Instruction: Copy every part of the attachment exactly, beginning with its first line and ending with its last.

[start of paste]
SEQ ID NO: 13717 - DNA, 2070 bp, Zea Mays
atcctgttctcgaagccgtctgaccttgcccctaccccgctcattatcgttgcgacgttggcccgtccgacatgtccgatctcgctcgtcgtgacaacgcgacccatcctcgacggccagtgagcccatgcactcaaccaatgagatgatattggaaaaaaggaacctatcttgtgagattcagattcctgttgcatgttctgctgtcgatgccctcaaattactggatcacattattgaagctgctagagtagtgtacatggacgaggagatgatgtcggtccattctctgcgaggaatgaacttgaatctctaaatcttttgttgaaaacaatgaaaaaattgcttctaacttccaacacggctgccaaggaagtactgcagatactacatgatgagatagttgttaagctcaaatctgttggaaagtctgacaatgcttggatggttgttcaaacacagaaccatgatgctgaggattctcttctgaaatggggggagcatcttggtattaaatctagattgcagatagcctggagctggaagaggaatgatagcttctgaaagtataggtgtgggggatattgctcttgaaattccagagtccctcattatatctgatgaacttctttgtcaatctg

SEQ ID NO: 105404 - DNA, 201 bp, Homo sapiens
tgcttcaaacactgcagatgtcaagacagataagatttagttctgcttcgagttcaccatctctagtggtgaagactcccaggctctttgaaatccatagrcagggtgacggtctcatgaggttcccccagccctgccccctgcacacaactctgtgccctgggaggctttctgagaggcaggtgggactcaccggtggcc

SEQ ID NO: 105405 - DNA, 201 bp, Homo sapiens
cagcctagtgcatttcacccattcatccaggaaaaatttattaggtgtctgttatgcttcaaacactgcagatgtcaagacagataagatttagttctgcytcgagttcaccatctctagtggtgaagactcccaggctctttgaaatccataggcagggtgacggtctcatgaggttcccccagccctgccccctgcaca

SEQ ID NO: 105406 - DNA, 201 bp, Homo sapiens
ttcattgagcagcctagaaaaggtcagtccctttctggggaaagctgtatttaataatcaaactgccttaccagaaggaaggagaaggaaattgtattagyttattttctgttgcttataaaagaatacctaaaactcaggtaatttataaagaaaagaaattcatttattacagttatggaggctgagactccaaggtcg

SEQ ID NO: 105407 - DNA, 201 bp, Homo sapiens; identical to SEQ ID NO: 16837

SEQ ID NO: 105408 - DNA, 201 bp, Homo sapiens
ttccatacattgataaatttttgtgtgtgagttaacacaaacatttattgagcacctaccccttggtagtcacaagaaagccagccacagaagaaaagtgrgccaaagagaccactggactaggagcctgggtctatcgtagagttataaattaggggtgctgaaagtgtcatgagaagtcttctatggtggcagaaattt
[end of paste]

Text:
SEQ ID NO: 13717 - DNA, 2070 bp, Zea Mays
atcctgttctcgaagccgtctgaccttgcccctaccccgctcattatcgttgcgacgttggcccgtccgacatgtccgatctcgctcgtcgtgacaacgcgacccatcctcgacggccagtgagcccatgcactcaaccaatgagatgatattggaaaaaaggaacctatcttgtgagattcagattcctgttgcatgttctgctgtcgatgccctcaaattactggatcacattattgaagctgctagagtagtgtacatggacgaggagatgatgtcggtccattctctgcgaggaatgaacttgaatctctaaatcttttgttgaaaacaatgaaaaaattgcttctaacttccaacacggctgccaaggaagtactgcagatactacatgatgagatagttgttaagctcaaatctgttggaaagtctgacaatgcttggatggttgttcaaacacagaaccatgatgctgaggattctcttctgaaatggggggagcatcttggtattaaatctagattgcagatagcctggagctggaagaggaatgatagcttctgaaagtataggtgtgggggatattgctcttgaaattccagagtccctcattatatctgatgaacttctttgtcaatctg

SEQ ID NO: 105404 - DNA, 201 bp, Homo sapiens
tgcttcaaacactgcagatgtcaagacagataagatttagttctgcttcgagttcaccatctctagtggtgaagactcccaggctctttgaaatccatagrcagggtgacggtctcatgaggttcccccagccctgccccctgcacacaactctgtgccctgggaggctttctgagaggcaggtgggactcaccggtggcc

SEQ ID NO: 105405 - DNA, 201 bp, Homo sapiens
cagcctagtgcatttcacccattcatccaggaaaaatttattaggtgtctgttatgcttcaaacactgcagatgtcaagacagataagatttagttctgcytcgagttcaccatctctagtggtgaagactcccaggctctttgaaatccataggcagggtgacggtctcatgaggttcccccagccctgccccctgcaca

SEQ ID NO: 105406 - DNA, 201 bp, Homo sapiens
ttcattgagcagcctagaaaaggtcagtccctttctggggaaagctgtatttaataatcaaactgccttaccagaaggaaggagaaggaaattgtattagyttattttctgttgcttataaaagaatacctaaaactcaggtaatttataaagaaaagaaattcatttattacagttatggaggctgagactccaaggtcg

SEQ ID NO: 105407 - DNA, 201 bp, Homo sapiens; identical to SEQ ID NO: 16837

SEQ ID NO: 105408 - DNA, 201 bp, Homo sapiens
ttccatacattgataaatttttgtgtgtgagttaacacaaacatttattgagcacctaccccttggtagtcacaagaaagccagccacagaagaaaagtgrgccaaagagaccactggactaggagcctgggtctatcgtagagttataaattaggggtgctgaaagtgtcatgagaagtcttctatggtggcagaaattt